Modern art & country Australia

Melissa Boyd

In his autobiography art historian Bernard Smith recounts how, as a young art teacher posted to a school at Murraguldrie in country New South Wales (NSW) in the mid 1930s, he tried unsuccessfully to borrow books on modern art from the country lending service of the State Public Library.

On a visit to Sydney he made an appointment to see the NSW Chief Librarian W.H. Ifould, 'a man of considerable power and influence in New South Wales' who was also a trustee of the National Art Gallery of New South Wales (AGNSW).

Smith took to the meeting the small catalogue listing the art books in the country section and 'asked, as discreetly as he could manage, why it offered no books on modern art'. Ifould was very clear: 'There are no books on modern art in the Country Reference Section ... because to the best of my knowledge no one in the country is interested in modern art'.

This essay explores the history of taking modern art to country towns in NSW, particularly the contribution of one woman, Mary Alice Evatt.

Mary Alice was involved in the modernist art movement both locally and overseas.

Through her international connections she was also well-informed on the 'Art for the People' movement: in America the Federal Art Project, established under Franklin D. Roosevelt's New Deal in 1932, emphasised the central role of the arts in a democracy and in Britain the Council for the Encouragement of Music and the Arts was established in 1939 on principles of opportunity and participation for all citizens.

In Australia, Mary Alice promoted similar ideals focusing on arts access, education and participation as part of the modern state. These views, combined with her advocacy of principles of social equity, led to her becoming a key broker in the delivery of one of the main 'Art for the People' initiatives in Australia, the AGNSW's Country Art Exhibition Scheme.

It was through this scheme that modern art found its way not only into library catalogues but into the heartland of NSW country towns.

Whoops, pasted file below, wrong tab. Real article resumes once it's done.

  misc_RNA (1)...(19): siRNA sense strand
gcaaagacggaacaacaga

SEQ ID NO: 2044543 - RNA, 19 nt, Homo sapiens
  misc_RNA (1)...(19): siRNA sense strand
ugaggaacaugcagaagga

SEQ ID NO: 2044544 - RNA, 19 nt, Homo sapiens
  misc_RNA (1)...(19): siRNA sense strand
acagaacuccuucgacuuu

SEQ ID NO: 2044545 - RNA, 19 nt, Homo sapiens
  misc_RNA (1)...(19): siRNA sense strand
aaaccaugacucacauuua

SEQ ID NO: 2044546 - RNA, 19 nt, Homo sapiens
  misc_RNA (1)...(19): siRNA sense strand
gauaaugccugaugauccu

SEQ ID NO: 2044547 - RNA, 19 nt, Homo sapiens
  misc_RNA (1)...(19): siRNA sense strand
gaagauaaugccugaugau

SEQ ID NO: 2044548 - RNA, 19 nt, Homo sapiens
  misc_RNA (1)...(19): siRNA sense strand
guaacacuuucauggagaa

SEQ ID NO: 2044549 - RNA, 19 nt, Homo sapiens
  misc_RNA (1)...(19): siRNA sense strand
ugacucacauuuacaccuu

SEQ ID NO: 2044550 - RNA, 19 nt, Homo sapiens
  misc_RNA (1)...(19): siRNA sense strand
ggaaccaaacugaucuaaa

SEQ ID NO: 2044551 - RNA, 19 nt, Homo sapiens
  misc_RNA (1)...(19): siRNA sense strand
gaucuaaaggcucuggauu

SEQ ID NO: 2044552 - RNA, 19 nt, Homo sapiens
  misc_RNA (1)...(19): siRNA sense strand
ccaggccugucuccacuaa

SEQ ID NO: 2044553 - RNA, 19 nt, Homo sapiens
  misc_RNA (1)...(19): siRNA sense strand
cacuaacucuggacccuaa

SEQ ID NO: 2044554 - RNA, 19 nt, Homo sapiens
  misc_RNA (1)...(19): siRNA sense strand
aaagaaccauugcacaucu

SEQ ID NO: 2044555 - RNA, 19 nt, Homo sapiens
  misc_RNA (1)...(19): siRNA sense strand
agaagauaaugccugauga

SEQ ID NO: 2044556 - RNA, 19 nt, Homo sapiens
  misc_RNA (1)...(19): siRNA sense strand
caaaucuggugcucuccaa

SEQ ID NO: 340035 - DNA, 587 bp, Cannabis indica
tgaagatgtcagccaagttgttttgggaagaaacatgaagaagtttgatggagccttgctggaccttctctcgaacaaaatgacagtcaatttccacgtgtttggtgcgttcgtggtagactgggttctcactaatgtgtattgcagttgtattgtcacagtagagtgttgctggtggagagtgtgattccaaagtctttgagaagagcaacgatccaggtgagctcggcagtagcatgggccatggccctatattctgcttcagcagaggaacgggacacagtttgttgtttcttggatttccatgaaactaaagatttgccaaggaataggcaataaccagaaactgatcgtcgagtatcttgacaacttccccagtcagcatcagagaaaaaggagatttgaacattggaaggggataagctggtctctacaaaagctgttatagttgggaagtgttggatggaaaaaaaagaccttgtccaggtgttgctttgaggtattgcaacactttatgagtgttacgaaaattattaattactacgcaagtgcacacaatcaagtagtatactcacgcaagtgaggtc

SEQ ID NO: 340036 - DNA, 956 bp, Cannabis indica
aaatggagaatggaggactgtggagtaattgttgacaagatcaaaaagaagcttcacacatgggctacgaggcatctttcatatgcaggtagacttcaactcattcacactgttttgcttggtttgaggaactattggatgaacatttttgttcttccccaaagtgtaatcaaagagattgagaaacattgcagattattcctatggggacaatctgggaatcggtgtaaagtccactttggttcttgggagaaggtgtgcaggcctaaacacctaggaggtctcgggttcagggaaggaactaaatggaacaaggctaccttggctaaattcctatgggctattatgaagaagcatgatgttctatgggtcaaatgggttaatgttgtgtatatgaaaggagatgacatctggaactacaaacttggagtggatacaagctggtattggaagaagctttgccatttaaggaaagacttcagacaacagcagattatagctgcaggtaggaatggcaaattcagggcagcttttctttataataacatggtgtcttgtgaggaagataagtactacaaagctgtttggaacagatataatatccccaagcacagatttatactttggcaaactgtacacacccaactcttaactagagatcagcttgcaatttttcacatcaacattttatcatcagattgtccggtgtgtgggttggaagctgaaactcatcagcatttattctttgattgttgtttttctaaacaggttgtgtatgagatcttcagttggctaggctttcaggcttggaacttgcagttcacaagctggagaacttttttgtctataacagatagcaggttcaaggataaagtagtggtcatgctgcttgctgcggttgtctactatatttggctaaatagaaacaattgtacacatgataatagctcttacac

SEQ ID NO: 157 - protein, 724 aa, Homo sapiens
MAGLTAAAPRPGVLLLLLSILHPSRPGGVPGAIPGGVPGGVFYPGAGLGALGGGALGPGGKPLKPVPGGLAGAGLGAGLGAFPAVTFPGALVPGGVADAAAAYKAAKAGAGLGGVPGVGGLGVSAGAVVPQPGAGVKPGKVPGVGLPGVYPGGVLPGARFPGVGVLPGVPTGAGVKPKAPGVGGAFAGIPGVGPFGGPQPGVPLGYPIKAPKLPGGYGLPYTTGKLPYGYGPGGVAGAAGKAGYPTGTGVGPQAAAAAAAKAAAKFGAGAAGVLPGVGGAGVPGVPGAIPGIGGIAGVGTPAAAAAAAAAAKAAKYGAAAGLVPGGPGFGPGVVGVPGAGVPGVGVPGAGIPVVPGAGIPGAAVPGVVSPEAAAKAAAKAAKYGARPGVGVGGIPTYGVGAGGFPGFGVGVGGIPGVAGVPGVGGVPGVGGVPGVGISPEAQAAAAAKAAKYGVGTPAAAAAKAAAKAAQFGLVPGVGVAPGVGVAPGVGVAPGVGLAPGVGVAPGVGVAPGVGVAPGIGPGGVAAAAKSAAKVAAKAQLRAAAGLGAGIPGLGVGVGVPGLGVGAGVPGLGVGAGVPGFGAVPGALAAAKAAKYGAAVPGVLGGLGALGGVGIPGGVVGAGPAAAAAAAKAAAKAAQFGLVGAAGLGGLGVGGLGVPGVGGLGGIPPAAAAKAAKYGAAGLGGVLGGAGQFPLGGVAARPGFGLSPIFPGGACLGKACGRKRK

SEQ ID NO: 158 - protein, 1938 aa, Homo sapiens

In 1943 Mary Alice Evatt was appointed a trustee of the AGNSW. The Bulletin reported on the morning tea put on by the President and trustees of the gallery to welcome her: "Through the board room of the National Gallery last Saturday morning ran a thrill of anticipation. For the first time in its history a women trustee was to enter its portals."

Women's groups and women artists wrote to the gallery applauding Mary Alice's appointment but she remained the only woman throughout her twenty-seven years in the role.

Not only was she the lone female voice at board meetings (the standard address by the president to the trustees began 'Gentlemen - and Mrs Evatt -') but she was one of the few champions of modern art.

In his autobiography the director of the gallery from late 1945, Hal Missingham, recalls that the 'early trustees were inordinately partisan about what they considered to be true art as opposed to all the horrible modern rubbish infiltrating the pure art of Australia'.

He credits Mary Alice as being the only trustee with a thorough knowledge of modern art and with consistently arguing for the purchase of modern works in the face of the entrenched conservatism of trustees such as Sir Lionel Lindsay, Sir Marcus Clarke, Sydney Long, J.W. Maund and Ifould.

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